As she walked away from the village, She looked back and sat down. When She stood again, She had become a black buffalo, signifying the direction west and the element earth. After walking a little further, She lay down again, this time rising as a yellow buffalo, signifying east and the sun. A third time, She walked, lay down, and arose as a red buffalo, signifying south and water. Finally, She rose as a white buffalo, signifying north and air. With one last look back at the people, She galloped off and disappeared.” 
ASSOCIATIONS (White Buffalo Calf Woman):
General: White buffalo, peace-pipe, circle (hoop), and the numbers 4 and 7.
Animals: Buffalo and bison, eagle and hawk.
Plants: Buttercup, pulsatilla (Pasque flower), and spruce.
Perfumes/Scents: Sage, wisteria, tangerine, and rose geranium.
Gems and Metals: Agate, rose quartz, gold, silver, and red clay.
Colors: White, yellow, red, and black. 
“Wohpe as peace represents harmony, meditation and cycles of time. Sacred stone of Wóȟpe is turquoise that ranges in color from sky blue to blue-green and green. This stone has been prized for centuries and was used in ancient Egypt, Persia for jewelry and amulets. Also was known and used by the Aztecs and other people of South and Central America, but is probably better known because of its use by North American native peoples. For them it was prized by medicine men who used it for healing, to bring rain and for protection. It has also long been a symbol for friendship, some say one should either give or receive it as a gift for the magic to work.”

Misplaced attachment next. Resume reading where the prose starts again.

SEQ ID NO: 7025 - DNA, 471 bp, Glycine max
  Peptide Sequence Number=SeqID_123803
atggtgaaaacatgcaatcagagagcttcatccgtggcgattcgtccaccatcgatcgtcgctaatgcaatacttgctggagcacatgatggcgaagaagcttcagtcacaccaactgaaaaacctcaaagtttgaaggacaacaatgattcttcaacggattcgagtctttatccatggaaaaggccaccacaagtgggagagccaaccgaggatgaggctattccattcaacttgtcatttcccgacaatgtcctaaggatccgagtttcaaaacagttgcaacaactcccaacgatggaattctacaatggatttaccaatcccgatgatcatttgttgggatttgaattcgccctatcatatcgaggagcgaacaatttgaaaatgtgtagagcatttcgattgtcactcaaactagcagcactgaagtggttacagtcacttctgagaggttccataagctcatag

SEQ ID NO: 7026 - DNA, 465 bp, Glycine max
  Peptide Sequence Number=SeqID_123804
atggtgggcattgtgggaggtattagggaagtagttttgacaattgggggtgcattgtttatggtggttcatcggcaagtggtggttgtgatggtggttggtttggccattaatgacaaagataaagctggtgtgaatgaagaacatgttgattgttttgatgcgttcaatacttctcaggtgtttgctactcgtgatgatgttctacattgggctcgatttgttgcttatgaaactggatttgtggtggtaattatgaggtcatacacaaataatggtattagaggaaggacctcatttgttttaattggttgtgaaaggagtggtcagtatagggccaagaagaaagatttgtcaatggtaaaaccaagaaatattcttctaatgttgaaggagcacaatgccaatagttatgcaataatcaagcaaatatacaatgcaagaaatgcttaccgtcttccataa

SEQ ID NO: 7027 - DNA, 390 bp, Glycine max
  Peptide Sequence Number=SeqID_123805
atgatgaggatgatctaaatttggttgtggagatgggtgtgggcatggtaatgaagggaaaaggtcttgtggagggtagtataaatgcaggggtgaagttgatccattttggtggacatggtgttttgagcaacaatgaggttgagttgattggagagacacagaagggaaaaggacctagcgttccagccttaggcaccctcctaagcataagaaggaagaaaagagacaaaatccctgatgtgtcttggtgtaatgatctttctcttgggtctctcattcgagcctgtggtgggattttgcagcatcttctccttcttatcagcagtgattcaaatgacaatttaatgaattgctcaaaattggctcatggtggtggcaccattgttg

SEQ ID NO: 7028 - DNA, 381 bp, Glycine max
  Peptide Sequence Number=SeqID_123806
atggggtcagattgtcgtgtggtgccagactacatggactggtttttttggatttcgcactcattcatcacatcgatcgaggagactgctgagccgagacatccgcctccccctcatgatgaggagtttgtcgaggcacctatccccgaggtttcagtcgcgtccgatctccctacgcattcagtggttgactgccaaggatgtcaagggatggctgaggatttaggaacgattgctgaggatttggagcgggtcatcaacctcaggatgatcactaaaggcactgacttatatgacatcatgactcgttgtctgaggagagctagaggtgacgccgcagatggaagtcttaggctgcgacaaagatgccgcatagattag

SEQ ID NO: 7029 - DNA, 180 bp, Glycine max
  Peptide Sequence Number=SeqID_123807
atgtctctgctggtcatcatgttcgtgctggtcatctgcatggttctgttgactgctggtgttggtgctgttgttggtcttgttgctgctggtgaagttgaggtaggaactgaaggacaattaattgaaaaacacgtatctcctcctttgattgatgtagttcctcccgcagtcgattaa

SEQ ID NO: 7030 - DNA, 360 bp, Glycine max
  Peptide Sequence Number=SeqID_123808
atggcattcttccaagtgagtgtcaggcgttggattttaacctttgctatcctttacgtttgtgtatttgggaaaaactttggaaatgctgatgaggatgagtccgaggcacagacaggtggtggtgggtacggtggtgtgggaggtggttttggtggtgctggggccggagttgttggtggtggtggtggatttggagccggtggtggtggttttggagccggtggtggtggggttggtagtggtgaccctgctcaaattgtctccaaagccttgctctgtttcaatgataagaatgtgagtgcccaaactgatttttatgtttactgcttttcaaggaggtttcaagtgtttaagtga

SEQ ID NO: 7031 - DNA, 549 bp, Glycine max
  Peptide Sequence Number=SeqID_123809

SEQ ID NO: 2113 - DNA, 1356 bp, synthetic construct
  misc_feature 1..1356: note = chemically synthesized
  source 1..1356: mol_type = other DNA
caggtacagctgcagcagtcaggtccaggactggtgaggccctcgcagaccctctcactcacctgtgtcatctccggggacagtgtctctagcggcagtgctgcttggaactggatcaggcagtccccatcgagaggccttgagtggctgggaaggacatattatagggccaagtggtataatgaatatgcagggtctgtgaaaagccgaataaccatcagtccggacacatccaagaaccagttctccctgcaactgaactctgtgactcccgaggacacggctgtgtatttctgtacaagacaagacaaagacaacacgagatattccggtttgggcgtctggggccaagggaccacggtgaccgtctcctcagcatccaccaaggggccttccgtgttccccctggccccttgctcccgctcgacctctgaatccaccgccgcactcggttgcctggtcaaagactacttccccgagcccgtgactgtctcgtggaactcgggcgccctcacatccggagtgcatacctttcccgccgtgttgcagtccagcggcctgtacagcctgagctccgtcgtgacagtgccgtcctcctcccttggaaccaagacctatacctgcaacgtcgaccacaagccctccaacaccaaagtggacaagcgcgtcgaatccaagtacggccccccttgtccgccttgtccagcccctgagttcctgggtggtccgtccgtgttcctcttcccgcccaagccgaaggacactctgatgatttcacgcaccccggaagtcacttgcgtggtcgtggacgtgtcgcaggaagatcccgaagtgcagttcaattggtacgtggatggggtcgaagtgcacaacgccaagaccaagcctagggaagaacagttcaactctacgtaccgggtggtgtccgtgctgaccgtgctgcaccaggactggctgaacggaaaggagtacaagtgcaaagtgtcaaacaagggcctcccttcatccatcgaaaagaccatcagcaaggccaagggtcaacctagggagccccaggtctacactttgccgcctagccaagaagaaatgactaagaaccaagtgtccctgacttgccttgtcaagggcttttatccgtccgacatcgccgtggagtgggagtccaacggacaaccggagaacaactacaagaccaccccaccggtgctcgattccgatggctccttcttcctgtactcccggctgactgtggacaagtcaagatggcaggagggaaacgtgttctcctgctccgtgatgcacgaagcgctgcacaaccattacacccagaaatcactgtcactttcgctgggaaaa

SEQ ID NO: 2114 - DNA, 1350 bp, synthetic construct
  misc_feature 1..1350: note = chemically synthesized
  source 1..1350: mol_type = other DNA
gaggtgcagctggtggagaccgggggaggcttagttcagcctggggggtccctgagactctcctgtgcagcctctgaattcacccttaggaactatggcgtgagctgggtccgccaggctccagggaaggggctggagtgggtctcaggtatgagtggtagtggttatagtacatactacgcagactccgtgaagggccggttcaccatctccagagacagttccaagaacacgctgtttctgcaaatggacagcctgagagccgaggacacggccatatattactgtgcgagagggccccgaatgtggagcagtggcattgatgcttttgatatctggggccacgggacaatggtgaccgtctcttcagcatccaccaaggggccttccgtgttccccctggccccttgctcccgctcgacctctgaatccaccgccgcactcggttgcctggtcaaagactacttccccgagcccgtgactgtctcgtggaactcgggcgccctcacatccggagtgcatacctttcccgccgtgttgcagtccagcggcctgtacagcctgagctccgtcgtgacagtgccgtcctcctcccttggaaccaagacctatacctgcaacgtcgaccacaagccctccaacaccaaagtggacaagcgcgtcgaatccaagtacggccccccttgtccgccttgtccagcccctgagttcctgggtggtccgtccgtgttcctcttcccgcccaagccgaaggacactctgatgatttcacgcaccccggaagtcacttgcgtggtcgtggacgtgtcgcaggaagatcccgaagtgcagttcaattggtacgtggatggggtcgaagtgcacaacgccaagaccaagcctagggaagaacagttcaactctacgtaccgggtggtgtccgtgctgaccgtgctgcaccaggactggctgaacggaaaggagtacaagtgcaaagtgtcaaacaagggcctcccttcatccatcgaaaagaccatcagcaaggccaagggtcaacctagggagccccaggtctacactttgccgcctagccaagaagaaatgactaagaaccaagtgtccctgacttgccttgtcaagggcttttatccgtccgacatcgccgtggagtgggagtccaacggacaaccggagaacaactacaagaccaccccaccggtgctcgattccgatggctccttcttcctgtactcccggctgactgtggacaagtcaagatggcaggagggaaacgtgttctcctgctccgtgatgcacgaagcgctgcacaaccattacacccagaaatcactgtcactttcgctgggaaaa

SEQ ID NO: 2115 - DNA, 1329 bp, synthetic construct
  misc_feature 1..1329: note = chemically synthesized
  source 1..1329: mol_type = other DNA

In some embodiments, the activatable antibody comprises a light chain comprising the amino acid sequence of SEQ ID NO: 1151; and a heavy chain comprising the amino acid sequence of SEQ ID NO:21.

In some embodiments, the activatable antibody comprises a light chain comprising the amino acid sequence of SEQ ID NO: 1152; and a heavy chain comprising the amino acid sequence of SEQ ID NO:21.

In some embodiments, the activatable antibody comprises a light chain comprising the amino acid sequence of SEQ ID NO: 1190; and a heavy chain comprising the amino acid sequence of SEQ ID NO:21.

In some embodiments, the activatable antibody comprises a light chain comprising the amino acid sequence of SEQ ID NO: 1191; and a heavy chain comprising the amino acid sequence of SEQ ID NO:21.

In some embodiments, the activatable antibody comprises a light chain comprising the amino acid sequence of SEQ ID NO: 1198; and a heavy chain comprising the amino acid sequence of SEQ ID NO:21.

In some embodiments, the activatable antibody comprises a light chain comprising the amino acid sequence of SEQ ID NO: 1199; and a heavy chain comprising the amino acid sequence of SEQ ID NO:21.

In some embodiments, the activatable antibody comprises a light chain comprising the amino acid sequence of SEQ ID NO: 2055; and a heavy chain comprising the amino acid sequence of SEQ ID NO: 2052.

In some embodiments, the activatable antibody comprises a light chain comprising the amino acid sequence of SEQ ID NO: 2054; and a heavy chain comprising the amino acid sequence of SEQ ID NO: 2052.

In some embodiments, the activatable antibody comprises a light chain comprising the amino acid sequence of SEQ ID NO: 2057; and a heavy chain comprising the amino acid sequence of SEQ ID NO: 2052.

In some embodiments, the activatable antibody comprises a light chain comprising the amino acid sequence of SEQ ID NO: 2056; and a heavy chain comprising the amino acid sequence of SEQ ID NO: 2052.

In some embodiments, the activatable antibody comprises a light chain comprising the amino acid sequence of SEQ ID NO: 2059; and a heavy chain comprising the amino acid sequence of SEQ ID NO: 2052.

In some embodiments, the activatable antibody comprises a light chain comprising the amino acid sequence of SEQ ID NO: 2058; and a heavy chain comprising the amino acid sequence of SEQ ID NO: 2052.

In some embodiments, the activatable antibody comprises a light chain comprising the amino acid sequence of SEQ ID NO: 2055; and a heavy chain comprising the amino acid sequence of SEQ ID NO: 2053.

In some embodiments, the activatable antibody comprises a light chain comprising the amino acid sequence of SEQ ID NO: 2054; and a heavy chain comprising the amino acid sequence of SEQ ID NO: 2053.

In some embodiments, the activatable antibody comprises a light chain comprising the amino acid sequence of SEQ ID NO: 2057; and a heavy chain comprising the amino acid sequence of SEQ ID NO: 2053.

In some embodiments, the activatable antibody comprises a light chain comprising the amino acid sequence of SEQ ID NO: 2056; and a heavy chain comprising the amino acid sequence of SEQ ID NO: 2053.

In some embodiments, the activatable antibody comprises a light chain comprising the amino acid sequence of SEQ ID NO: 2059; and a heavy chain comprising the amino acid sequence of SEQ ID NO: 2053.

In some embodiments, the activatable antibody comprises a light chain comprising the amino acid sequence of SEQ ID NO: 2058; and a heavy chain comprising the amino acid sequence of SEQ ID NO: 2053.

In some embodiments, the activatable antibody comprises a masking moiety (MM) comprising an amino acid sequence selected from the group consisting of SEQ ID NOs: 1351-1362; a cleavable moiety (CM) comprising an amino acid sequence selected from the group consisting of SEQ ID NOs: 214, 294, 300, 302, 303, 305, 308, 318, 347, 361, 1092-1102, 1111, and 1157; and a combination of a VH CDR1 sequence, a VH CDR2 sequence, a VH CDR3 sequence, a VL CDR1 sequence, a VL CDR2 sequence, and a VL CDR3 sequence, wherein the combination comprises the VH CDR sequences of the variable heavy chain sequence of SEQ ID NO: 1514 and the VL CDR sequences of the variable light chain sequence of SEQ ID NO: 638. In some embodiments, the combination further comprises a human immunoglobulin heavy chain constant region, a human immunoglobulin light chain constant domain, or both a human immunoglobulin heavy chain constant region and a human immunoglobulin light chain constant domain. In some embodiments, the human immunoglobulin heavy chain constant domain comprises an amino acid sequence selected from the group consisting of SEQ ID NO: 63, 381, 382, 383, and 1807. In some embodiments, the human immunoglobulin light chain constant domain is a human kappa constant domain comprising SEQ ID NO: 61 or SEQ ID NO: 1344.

In an interview for White Buffalo: An American Prophecy, Arby Little Soldier comments on the birth of a sacred White Buffalo – Lightning Medicine Cloud – on the Lakota Ranch in Texas, and what it means for humanity.
Sadly, this buffalo calf was killed and butchered back in April 2012 (click here to read the story). As far as I know, the killers are still at large.
Chief Arvol Looking Horse, 19th generation Keeper of the Sacred White Buffalo Calf Pipe is the leader of the Lakota Dakota Nakota Oyate, the great Sioux nation and is a man with a vision. Here in this video, he has a great urgent message to all world religious and spiritual leaders
Goddessgift.com, “Goddess Symbols of White Buffalo Calf Woman“.
Sabrina. Goddess A Day, “White Buffalo Woman“.
Chasing Horse, Joseph. Native American Indian Resources, “White Buffalo Calf Woman“.
Consciouslyconnecting.blog.com, “White Bison Prophesy: A Sign from the Spirits“.
Crystalinks.com, “White Buffalo Calf Woman“.
Gaeagoddessgathering.com, “White Buffalo Calf Woman – Walk Your Talk“.
Goddessgift.com, “White Buffalo Calf Woman: The Mother of Life”.
Legendsofamerica.com, “Lakota Story of Wohpe (by HinTamaheca)“.
Lightningmedicinecloud.com, “The Legend & Importance of the White Buffalo“.
Sioux.org, “Lakota Sioux Creation Myth – Wind Cave Story“.
Walker, James R. Lakota Belief and Ritual.
Whitehorse, Peace. Order of the White Moon, “White Buffalo Calf Woman“.
Wikipedia, “White Buffalo Calf Woman“.
University of California, “Lakota Ceremony“.